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Though the ultra smooth wall finish was impressive, we were most interested in the airflow improvements.

The stroker was run once again with a set of Hooker headers, FAST XFI management system, and an MSD distributor. Although we installed a set of aftermarket valve covers on the 383, it will go back in the car with the factory covers, though it will be necessary to clearance them for the 1.5-ratio roller rockers. The new motor was first subjected to a break-in procedure with conventional Lucas oil, but was then switched over to synthetic oil after the break-in.

Tuned with the FAST management system, the 383 eventually produced 458 hp, and an amazing 534 lbs-ft of torque. You read that right, 534 lbs-ft of torque from a small-block. Talk about the perfect street stroker. The combination of displacement, cam timing, and airflow improvements added up to a gain of 131 hp (measured peak to peak), but that gain exceeded 150 hp out at 6000 rpm.

The torque gains were equally impressive, especially given the already torquey nature of the stock L98. While most small-blocks struggle to produce 500 lbs-ft of torque, this 383 not only produced 534 lbs-ft of torque, but also exceeded 500 lbs-ft from 3200 rpm to 4600 rpm. It was like we added a blower or turbo kit without anyone being the wiser.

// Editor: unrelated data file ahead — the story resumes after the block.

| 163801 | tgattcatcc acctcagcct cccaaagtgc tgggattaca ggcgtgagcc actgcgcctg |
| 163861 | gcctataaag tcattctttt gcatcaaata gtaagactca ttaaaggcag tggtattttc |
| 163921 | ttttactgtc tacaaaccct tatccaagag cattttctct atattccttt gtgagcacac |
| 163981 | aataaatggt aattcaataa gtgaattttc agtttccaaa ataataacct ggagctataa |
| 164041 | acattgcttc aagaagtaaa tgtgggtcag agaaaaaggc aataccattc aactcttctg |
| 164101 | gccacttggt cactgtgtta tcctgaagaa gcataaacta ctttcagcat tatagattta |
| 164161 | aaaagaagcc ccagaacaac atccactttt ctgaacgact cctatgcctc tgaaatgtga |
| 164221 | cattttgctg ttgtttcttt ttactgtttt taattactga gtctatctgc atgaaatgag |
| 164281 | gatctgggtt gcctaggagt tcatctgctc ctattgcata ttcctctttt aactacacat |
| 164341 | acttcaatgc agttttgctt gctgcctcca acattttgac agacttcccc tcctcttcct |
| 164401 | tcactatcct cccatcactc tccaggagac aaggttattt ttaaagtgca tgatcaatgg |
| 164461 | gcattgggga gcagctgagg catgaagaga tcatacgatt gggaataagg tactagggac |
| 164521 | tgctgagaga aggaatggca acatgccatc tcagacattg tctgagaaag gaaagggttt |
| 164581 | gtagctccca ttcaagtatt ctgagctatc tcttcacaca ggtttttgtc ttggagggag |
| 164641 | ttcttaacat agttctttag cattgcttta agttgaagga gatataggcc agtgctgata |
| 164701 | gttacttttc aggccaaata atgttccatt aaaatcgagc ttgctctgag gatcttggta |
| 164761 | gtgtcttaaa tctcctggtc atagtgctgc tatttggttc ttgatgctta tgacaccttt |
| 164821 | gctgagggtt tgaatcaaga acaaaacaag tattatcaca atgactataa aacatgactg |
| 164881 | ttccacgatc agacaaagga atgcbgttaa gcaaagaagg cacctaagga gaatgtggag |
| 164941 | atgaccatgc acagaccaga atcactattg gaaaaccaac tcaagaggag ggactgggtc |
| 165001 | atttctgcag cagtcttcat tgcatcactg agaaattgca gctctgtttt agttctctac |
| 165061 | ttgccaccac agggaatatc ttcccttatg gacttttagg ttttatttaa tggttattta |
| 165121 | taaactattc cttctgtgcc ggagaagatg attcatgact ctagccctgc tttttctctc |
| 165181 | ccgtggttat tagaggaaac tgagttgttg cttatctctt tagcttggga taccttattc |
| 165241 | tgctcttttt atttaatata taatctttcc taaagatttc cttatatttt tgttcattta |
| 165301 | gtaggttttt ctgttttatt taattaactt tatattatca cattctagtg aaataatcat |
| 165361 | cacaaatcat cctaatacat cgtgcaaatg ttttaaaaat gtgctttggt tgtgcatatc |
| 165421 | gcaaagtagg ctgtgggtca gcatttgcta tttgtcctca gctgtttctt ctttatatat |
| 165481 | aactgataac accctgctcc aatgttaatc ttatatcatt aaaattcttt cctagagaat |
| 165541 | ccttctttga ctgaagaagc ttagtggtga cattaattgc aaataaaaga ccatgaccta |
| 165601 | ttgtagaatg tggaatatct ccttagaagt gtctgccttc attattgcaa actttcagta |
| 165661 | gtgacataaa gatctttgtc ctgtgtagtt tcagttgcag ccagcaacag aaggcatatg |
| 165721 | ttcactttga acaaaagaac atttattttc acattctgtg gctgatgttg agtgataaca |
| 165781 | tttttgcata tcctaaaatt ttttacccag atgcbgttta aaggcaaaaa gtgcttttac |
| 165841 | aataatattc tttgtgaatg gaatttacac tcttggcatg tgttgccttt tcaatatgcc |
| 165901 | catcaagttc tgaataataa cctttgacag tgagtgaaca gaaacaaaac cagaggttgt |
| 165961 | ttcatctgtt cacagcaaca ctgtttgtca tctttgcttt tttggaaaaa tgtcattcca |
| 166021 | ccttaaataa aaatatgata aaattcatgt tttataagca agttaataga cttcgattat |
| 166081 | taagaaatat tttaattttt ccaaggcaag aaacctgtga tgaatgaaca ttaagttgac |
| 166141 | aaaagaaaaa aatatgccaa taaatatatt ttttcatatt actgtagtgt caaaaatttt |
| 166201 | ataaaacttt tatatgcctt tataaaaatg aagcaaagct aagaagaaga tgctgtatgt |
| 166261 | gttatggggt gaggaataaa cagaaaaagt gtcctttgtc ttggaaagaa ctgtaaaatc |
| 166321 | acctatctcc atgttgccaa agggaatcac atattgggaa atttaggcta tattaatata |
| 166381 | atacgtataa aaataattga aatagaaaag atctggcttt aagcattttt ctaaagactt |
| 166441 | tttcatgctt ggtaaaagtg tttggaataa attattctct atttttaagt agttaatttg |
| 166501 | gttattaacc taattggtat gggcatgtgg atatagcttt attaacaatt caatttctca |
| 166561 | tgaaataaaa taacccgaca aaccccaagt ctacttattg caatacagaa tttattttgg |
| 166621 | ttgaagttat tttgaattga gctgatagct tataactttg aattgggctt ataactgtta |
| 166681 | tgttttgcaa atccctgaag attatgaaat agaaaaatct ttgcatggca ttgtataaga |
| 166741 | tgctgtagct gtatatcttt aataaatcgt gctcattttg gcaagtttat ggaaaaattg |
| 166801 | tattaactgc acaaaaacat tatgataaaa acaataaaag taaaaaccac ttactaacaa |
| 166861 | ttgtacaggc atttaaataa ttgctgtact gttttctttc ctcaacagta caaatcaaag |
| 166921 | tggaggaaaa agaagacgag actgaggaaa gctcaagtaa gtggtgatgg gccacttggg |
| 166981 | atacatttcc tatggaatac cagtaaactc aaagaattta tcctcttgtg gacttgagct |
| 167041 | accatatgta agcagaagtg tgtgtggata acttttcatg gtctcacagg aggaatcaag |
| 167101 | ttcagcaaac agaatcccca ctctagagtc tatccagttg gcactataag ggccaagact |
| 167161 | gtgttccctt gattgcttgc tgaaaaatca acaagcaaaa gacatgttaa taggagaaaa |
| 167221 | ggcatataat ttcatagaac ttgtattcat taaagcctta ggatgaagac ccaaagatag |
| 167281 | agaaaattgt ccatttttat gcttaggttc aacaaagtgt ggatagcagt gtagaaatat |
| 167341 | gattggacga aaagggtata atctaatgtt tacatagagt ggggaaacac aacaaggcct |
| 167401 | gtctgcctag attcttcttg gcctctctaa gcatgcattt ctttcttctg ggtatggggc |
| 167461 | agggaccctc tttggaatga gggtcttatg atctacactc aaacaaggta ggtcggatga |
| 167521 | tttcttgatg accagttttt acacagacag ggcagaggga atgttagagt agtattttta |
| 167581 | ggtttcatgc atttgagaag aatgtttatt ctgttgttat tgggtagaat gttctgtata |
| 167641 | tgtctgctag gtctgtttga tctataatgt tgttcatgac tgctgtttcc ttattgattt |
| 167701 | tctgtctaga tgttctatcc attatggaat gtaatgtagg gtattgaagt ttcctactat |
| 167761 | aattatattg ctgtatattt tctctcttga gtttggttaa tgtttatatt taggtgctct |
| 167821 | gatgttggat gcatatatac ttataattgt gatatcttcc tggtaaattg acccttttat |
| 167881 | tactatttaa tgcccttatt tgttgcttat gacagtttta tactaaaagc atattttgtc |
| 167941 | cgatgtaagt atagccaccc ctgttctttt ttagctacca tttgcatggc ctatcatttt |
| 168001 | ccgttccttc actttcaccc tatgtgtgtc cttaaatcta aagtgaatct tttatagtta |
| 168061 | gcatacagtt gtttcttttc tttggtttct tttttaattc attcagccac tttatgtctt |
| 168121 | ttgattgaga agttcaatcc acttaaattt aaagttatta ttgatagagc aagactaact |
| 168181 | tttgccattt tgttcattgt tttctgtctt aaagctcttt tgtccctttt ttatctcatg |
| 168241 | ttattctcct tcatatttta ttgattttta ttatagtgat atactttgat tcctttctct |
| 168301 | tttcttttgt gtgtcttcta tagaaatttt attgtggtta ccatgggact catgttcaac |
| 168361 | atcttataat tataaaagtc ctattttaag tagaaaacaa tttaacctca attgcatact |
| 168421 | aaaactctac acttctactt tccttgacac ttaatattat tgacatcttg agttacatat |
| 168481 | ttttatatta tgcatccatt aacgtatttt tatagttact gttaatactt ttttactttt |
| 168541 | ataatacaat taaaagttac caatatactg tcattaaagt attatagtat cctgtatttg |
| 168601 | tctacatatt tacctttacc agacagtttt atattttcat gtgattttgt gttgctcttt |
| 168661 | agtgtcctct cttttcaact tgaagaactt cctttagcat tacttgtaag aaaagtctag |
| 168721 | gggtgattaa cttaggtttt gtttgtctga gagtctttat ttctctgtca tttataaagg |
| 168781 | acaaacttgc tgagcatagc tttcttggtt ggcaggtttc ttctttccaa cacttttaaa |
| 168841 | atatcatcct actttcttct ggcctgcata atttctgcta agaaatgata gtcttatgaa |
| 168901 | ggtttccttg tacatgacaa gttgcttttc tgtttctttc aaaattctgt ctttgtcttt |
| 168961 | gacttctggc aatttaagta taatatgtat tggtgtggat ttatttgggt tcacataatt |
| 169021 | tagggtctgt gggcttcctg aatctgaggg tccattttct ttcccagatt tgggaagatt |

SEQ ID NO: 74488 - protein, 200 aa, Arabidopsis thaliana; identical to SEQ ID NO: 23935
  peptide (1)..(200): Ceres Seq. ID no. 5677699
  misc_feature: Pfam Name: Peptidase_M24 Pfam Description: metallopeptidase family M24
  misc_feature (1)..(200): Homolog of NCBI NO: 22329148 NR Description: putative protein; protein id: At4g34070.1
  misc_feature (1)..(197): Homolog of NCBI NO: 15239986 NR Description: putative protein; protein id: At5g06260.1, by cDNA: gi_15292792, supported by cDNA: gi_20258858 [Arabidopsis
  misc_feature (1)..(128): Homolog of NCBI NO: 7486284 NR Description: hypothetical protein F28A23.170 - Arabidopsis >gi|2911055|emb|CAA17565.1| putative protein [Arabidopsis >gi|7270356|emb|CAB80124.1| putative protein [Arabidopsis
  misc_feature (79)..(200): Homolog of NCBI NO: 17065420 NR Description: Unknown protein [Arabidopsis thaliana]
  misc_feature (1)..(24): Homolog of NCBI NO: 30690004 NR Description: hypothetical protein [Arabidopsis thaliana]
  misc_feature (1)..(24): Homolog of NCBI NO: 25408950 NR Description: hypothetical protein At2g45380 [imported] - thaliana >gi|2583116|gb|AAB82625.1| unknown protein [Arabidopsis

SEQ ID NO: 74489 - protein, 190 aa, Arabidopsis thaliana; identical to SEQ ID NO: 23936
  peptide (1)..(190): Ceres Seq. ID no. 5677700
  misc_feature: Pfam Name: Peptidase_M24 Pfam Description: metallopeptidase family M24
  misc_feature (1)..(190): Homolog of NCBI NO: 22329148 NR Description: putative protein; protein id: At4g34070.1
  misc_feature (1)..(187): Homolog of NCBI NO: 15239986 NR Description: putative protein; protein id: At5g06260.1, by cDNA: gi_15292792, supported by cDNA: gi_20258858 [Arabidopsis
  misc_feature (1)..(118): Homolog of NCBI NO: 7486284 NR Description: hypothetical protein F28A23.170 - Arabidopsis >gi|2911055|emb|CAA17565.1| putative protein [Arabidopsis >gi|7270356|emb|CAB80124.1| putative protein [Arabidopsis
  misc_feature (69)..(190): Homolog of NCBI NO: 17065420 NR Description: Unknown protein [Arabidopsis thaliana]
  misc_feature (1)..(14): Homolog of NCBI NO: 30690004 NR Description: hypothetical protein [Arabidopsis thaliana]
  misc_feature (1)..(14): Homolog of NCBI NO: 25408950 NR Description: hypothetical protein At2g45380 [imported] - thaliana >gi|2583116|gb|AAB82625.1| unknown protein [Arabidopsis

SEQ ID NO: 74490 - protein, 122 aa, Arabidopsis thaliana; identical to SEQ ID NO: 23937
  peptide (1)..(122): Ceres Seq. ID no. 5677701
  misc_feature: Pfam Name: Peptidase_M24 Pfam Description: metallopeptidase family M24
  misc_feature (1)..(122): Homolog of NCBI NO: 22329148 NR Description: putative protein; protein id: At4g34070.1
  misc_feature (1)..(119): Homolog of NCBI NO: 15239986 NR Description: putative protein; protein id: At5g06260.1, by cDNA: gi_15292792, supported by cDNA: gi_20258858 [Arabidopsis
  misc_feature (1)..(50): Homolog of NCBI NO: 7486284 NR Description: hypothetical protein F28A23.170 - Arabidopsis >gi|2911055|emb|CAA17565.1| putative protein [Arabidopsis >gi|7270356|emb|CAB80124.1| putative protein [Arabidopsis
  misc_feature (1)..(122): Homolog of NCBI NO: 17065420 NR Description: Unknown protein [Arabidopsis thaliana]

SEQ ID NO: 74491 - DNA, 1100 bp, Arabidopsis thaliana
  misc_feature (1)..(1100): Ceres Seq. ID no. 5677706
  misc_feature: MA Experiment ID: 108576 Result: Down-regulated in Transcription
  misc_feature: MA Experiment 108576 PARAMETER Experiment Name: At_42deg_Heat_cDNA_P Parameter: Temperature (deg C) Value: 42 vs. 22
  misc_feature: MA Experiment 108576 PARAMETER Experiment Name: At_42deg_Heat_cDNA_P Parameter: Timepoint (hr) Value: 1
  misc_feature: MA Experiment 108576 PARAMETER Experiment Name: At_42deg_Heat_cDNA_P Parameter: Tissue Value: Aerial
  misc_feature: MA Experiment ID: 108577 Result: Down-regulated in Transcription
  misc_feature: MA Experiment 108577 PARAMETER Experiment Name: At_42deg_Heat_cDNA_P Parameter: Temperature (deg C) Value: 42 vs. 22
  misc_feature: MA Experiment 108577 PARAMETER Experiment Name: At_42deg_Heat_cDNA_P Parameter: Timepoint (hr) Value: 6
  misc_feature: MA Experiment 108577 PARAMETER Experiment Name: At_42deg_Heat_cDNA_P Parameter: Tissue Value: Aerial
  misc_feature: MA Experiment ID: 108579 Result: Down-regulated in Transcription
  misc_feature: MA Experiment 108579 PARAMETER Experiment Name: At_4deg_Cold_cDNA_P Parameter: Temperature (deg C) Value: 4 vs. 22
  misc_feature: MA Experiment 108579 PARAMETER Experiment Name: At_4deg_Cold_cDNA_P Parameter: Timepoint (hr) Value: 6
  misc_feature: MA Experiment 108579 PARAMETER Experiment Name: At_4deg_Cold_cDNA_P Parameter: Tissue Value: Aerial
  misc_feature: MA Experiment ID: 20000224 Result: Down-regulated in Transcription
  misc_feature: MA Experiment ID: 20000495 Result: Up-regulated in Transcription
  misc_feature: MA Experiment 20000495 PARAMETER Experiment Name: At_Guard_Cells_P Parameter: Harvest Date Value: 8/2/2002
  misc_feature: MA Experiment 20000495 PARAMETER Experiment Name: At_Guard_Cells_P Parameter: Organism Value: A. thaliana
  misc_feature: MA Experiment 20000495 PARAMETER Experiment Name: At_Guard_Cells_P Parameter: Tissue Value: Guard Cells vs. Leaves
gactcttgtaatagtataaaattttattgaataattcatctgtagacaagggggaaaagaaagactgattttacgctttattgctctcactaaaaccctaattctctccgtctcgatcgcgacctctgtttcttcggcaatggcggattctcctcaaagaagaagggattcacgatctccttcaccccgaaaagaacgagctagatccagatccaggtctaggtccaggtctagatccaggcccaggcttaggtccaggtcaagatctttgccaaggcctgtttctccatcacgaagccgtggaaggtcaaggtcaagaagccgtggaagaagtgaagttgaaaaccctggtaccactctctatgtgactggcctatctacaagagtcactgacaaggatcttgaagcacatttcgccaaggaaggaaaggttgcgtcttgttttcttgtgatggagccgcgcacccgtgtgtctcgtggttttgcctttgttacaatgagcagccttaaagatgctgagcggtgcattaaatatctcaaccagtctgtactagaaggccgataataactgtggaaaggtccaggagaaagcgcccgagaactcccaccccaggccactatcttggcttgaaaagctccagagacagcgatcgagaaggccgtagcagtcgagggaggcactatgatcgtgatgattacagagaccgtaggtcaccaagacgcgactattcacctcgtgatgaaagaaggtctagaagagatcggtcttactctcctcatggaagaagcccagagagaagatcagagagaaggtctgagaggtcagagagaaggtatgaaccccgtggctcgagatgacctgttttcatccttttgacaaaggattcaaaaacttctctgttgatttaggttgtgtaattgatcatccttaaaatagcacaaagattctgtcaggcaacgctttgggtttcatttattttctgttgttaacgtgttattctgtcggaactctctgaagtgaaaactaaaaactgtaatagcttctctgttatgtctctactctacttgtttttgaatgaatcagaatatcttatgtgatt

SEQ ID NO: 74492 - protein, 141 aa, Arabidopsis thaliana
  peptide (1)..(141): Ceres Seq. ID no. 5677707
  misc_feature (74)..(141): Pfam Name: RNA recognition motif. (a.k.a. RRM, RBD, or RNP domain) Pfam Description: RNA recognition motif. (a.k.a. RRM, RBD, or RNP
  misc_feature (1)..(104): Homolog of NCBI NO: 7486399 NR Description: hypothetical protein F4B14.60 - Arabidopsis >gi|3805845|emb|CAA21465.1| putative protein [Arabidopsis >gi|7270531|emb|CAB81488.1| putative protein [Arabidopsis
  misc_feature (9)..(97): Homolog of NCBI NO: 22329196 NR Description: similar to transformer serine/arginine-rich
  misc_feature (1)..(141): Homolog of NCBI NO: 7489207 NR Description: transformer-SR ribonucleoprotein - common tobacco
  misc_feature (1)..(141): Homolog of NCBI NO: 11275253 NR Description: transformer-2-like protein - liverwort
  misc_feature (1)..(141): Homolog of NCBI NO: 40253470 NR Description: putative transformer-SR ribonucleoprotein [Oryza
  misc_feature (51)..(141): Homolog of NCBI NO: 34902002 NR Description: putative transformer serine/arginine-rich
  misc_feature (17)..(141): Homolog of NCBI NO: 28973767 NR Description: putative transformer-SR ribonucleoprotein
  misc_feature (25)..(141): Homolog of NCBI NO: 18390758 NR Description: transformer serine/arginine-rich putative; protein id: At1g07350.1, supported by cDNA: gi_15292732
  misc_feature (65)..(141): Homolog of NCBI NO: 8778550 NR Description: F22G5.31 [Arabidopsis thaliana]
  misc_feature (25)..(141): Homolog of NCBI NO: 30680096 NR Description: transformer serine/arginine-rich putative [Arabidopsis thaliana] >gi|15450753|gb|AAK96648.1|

TPI strokers rule.

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The combination of displacement and improved efficiency via the ported heads, cam, and induction had a positive effect on the horsepower production. Where the L98 350 produced peak power at 4700 rpm and fell off significantly thereafter, the improved breathing offered by the ported heads, cam, and intake mods allowed the 383 to carry power production out to 6000 rpm. Had the original L98 350 been equipped with a stock cam, the drop in power would have been even more significant past 5000 rpm. Stepping up in displacement, compression, and efficiency improved the peak power output by 131 hp. Out near 6000 rpm, the gains exceeded 150 hp, while looking like nothing more than a stock L98 equipped with headers and a throttle body.

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Given the more aggressive cam timing, we half expected the low-speed torque production to be down, but credit the hike in displacement and slight bump in static compression for the additional 65 lbs-ft of torque at just 2500 rpm. Measured peak to peak, the 383 upped torque production by nearly 140 lbs-ft. With nearly 540 lbs-ft of torque available, this is one TPI small-block that will pull like a big-block (at least through the mid range). The torque advantage continued all the way through 6000 rpm. We've always been fond of 383 strokers, but combining the additional displacement with the modified TPI induction makes one serious torque monster.


Lucas Oil
Corona, CA 92880
Coast High Performance
Torrance, CA 90505
Extrude Hone
Irwin, PA 15642